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World's first working $100 laptop
Tech evangelist Nicholas Negroponte wants to outfit the world's children to improve education.
November 16, 2005: 5:23 PM EST
By David Kirkpatrick, FORTUNE senior editor
The laptop, powered with a crank, is intended for students.
The laptop, powered with a crank, is intended for students.

NEW YORK (FORTUNE) - Nick Negroponte would like to sell you a $100 laptop, especially if you're head of state in a large developing country.

That's why he is at the World Summit on the Information Society, the giant UN-sponsored gathering that starts Wednesday in Tunis. Negroponte plans to show for the first time a working prototype of his new device, intended for hundreds of millions of mostly-poor students worldwide. The techies and government ministers in Tunis are his ideal target market.

At the Media Lab at MIT, which Negroponte founded 20 years ago, researchers are working not only on the engineering to make such an inexpensive product possible, but on computer interfaces to enable kids to learn without teachers, and on a curriculum to teach them every sort of subject.

Negroponte's message has a seductive simplicity. As he puts it in an interview: "One laptop per child: Children are your most precious resource, and they can do a lot of self-learning and peer-to-peer teaching. Bingo. End of story."

He's seeking orders in lots of a million. So far, Brazilian President Luiz Incio "Lula" da Silva has agreed to buy a million, Negroponte says, and Chile, Argentina and Thailand are lining up. Negroponte hopes to start production next year, ramping up to tens of millions in 2007.

The device is a stripped-down affair, with an electricity-generating crank and a swiveling seven-inch screen, for basic word-processing, Internet and communications. It has no hard drive, instead using flash memory like that in a digital camera. The processor, from AMD, runs at a pokey 500 megahertz.

Each laptop will include a Wi-Fi radio transmitter designed to knit machines into a wireless "mesh" so they can share a Net connection, passing it from one computer to the next. Though there is a power cord, that cool crank can provide roughly ten minutes of juice for each minute of turning.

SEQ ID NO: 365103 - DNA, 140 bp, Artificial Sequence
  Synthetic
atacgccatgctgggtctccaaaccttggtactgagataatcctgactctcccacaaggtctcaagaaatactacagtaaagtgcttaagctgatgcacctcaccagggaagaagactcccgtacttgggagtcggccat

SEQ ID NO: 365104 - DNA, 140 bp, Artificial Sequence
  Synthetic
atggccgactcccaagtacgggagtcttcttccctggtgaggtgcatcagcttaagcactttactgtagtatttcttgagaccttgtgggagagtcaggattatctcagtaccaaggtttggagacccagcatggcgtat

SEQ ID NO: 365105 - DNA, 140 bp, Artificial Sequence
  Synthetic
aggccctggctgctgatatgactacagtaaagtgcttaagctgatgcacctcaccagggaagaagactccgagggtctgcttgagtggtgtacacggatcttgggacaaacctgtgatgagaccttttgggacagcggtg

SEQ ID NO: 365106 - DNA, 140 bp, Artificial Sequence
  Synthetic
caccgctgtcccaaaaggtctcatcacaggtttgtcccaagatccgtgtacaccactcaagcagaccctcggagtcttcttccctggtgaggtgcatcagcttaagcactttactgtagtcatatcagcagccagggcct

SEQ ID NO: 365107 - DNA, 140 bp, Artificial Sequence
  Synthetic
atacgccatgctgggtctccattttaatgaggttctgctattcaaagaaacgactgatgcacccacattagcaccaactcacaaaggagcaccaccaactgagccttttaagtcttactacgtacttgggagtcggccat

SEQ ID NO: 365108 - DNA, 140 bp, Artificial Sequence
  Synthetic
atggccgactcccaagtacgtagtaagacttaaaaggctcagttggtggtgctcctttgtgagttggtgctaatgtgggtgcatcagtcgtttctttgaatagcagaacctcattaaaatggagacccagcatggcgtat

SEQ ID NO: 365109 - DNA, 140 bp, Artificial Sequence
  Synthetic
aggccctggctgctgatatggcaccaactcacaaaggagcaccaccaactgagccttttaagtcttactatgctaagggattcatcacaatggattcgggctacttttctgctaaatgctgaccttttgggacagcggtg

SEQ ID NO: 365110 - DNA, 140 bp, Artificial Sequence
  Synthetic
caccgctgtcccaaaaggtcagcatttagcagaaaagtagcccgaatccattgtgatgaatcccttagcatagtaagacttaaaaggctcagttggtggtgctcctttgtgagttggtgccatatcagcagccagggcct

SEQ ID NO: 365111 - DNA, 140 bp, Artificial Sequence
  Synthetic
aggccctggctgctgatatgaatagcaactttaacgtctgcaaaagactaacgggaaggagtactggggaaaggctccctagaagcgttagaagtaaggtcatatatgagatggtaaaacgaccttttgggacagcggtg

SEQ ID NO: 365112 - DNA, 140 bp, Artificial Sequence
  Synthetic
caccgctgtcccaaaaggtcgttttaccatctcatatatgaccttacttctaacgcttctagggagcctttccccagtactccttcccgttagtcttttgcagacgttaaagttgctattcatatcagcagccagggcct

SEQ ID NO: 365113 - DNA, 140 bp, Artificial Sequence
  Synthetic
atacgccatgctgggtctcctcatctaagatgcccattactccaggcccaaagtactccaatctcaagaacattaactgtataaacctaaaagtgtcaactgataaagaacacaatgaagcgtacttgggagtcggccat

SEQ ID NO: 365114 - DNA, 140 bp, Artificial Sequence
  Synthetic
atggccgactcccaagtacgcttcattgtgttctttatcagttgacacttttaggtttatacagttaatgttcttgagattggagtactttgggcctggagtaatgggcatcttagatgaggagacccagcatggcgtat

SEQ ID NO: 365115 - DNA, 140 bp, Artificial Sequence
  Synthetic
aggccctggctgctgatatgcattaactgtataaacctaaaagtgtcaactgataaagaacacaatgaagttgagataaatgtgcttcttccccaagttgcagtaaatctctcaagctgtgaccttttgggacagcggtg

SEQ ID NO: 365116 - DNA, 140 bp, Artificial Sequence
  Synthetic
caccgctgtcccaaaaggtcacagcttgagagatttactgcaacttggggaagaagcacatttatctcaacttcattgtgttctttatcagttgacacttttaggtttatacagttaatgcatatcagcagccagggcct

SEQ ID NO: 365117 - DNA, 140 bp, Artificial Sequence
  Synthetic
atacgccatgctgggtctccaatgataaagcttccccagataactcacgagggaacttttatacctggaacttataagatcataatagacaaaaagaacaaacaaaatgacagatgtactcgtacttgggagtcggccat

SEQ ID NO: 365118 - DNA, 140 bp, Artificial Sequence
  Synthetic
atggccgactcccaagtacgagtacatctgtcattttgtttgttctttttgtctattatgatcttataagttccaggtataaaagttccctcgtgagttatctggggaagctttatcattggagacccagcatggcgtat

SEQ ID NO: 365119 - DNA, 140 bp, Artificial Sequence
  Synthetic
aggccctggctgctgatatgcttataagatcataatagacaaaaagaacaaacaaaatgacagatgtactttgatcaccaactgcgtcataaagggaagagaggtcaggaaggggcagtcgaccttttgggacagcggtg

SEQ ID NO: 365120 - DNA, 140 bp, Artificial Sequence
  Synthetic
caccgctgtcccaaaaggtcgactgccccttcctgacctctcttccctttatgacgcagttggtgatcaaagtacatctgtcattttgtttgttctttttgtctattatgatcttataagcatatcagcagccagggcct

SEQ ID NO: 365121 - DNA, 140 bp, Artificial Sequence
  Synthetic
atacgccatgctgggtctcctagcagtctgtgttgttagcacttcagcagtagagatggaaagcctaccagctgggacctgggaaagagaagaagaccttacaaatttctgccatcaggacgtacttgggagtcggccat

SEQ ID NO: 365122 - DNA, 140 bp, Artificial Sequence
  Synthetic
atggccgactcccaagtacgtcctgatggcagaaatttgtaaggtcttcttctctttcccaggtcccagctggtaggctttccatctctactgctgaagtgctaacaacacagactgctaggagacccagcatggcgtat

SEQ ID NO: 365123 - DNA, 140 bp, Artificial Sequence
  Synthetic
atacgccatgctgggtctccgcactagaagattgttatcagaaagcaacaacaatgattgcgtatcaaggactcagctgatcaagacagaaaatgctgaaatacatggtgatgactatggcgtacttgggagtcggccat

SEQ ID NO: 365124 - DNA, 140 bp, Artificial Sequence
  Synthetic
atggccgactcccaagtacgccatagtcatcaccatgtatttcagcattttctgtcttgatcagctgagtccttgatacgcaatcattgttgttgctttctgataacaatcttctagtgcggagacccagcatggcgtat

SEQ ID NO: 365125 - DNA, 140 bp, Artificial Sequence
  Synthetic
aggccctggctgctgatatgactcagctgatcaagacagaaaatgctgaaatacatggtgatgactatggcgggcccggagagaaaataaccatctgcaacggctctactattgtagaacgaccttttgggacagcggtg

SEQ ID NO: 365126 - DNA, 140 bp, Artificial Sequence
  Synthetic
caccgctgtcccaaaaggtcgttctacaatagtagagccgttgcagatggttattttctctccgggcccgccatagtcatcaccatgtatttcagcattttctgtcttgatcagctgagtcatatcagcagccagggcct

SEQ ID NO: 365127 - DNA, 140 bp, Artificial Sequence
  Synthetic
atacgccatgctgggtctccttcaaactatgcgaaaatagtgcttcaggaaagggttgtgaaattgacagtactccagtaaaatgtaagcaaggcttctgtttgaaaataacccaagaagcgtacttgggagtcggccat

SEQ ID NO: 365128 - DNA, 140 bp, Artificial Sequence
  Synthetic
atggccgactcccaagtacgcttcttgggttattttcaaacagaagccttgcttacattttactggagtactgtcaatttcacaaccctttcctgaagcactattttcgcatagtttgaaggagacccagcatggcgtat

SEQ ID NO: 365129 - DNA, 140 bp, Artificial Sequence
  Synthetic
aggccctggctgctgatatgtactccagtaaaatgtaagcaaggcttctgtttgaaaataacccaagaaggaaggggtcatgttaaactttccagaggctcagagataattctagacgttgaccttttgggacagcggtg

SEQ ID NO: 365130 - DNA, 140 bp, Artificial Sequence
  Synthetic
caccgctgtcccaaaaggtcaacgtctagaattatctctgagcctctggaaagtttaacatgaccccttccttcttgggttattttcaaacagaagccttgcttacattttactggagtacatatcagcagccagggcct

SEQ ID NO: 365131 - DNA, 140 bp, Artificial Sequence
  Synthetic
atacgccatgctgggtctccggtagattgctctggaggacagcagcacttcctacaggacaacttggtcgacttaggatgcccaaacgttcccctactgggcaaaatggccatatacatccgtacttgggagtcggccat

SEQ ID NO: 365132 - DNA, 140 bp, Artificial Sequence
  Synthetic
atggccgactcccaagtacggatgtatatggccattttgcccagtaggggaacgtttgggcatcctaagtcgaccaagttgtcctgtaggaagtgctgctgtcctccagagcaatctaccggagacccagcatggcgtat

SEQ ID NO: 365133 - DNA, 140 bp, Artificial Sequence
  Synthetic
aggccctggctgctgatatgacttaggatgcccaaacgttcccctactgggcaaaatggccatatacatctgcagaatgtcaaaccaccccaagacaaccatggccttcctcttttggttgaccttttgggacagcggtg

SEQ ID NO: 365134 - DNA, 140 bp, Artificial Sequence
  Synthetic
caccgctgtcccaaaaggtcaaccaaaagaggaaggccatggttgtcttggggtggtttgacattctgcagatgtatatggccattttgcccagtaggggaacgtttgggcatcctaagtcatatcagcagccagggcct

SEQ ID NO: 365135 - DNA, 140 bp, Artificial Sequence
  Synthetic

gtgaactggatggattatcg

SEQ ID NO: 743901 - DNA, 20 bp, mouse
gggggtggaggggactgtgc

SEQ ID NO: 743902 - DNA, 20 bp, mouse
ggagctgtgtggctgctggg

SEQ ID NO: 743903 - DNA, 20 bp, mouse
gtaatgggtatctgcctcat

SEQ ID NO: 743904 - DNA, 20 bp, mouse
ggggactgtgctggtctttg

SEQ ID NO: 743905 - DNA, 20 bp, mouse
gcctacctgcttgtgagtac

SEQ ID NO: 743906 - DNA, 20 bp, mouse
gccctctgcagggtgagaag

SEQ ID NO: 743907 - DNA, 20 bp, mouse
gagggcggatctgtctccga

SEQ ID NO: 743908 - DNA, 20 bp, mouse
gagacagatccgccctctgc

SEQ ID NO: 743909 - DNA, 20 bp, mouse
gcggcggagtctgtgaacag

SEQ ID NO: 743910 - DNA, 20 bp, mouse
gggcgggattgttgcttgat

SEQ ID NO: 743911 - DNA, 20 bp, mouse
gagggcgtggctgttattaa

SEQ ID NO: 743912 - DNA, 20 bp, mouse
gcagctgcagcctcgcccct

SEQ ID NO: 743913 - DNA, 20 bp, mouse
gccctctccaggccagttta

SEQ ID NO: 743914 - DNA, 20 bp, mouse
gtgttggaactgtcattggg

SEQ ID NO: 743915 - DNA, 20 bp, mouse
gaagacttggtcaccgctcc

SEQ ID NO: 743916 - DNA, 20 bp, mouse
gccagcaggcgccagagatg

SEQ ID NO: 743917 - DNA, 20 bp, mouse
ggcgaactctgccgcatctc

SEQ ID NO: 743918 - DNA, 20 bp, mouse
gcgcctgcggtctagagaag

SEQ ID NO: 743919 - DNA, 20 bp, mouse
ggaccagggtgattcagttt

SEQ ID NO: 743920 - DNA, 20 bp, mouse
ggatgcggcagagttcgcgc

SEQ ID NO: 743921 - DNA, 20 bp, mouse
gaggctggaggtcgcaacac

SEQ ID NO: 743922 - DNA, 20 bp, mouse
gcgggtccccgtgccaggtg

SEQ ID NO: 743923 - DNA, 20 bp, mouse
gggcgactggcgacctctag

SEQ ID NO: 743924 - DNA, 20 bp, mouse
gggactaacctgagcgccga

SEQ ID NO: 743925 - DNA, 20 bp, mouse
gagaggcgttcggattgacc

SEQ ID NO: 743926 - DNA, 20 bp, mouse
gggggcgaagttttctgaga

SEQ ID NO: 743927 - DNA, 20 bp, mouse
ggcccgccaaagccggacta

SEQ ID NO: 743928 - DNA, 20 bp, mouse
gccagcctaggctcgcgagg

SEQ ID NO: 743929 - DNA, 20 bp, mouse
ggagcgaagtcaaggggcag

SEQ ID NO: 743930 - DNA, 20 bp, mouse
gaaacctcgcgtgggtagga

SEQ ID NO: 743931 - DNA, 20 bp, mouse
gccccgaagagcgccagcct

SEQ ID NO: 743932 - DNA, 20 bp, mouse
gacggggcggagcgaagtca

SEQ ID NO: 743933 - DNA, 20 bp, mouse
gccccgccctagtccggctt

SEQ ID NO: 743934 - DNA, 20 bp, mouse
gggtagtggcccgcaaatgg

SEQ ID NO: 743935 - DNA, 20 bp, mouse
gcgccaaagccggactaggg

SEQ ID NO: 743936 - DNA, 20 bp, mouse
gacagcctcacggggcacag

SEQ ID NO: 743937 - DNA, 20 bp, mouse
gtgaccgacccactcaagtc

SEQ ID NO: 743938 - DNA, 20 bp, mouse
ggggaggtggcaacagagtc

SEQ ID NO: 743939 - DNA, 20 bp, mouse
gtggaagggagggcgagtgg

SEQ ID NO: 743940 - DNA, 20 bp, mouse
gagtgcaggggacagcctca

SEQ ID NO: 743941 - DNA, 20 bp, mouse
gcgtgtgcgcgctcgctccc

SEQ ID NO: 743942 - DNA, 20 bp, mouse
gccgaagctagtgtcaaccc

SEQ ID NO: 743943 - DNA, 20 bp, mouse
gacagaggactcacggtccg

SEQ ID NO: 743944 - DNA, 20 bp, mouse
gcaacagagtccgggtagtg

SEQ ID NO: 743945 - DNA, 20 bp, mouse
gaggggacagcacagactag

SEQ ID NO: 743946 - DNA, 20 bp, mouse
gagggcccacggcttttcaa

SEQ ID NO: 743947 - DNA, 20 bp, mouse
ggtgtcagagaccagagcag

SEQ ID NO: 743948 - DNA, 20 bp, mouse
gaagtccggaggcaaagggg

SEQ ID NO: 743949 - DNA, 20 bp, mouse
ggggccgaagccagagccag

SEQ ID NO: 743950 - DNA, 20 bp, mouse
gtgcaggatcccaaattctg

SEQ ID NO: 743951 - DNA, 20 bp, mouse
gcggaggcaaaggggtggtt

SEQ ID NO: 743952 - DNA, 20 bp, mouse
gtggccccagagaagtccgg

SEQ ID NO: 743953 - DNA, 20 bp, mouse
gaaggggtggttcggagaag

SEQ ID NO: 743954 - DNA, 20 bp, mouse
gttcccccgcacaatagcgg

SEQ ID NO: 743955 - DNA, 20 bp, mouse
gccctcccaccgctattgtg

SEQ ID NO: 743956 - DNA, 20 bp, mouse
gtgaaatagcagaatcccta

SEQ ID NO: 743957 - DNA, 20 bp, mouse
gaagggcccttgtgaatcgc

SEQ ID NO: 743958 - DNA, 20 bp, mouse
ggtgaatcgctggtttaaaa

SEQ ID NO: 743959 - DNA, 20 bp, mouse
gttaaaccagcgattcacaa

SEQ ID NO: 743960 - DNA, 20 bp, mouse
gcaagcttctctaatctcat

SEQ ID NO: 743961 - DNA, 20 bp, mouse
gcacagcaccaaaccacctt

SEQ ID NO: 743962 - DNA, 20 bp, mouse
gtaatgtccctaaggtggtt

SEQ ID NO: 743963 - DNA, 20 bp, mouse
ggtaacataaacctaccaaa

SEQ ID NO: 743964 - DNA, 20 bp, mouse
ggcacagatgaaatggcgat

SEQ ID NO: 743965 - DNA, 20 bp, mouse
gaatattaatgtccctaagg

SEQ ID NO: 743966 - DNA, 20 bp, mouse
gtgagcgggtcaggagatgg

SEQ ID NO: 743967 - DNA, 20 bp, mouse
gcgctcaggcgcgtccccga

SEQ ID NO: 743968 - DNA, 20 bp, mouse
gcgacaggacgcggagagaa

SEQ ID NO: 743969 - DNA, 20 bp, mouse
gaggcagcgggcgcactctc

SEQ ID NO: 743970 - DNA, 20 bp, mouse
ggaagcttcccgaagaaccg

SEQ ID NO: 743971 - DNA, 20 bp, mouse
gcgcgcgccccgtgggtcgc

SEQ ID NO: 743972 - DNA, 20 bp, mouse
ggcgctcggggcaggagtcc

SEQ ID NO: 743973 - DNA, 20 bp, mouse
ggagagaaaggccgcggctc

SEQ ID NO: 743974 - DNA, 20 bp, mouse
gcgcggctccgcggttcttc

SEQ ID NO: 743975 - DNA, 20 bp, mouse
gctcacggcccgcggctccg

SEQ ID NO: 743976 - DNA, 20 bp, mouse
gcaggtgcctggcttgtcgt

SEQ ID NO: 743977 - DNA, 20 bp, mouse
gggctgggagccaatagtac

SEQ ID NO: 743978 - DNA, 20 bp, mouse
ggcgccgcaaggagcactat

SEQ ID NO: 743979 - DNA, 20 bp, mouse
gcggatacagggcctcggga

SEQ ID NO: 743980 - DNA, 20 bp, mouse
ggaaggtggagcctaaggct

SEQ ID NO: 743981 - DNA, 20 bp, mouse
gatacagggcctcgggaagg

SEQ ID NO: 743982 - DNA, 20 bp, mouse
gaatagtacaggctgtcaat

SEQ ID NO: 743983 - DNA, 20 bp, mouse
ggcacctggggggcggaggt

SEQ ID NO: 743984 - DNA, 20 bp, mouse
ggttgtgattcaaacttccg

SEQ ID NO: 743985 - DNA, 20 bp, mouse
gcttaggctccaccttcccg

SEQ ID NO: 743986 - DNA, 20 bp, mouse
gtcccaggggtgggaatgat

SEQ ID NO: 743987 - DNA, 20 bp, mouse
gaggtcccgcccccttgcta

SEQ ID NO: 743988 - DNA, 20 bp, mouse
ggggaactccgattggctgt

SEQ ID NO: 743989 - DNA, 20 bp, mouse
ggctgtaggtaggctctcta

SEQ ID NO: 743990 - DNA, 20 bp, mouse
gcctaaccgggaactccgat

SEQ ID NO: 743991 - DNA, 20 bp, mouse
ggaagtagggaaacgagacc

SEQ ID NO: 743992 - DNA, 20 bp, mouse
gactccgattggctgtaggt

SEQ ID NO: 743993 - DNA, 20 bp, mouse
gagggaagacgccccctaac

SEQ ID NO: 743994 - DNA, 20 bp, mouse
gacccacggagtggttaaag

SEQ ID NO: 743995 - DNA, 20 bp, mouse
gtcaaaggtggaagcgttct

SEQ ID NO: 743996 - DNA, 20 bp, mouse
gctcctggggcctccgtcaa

The key to chopping the price to $100: reducing the cost of the screen. Negroponte's chief technology officer Mary Lou Jepsen, who used to work at Intel, has invented a display she thinks could be built for $35 or less (compared with the typical $100 or more).

Negroponte's nonprofit One Laptop Per Child (OLPC), which will distribute the device, has raised a total of $10 million, with more on the way. Says Rupert Murdoch, whose News Corp. contributed $2 million: "Nick's endeavor has the prospect of potentially transforming the lives of millions of children in the developing world." Google also chipped in $2 million.

Even tech titans like Bill Gates, Steve Jobs and Michael Dell are talking to Negroponte about his plans. Jobs initially dismissed the laptop as a "science project" but is now contributing ideas. Dell had his staff vet the cost of the device's components. And Gates would like Negroponte to use Microsoft software rather than the free open-source alternatives that Negroponte currently favors.

The impediments, needless to say, are numerous and daunting. "Most schools in the developing world don't even have textbooks," says Allen Hammond of the World Resources Institute. "How the heck are they going to pay for Internet access?"

Even Hector Ruiz, CEO of AMD, which gave $2 million to OLPC, says success will require "developing larger ecosystems around ... tech support, application development, training and business models for the Internet service providers." Those elements aren't close to being in place, and Ruiz thinks the laptop's price won't drop to $100 for two to three years. Yet even skeptics are loath to pooh-pooh Negroponte's activism: "If he can pull it off," Hammond says, "my hat's off to him."

Negroponte is currently talking to hardware companies about marketing a pricier version that will subsidize the nonprofit model. His stop in Tunis is just one on a long mission he seems unlikely to give up. "What if we fail?" he asks. "Failure means it's $142.07 and six months late. Failure doesn't mean it doesn't happen or it's a bad idea."

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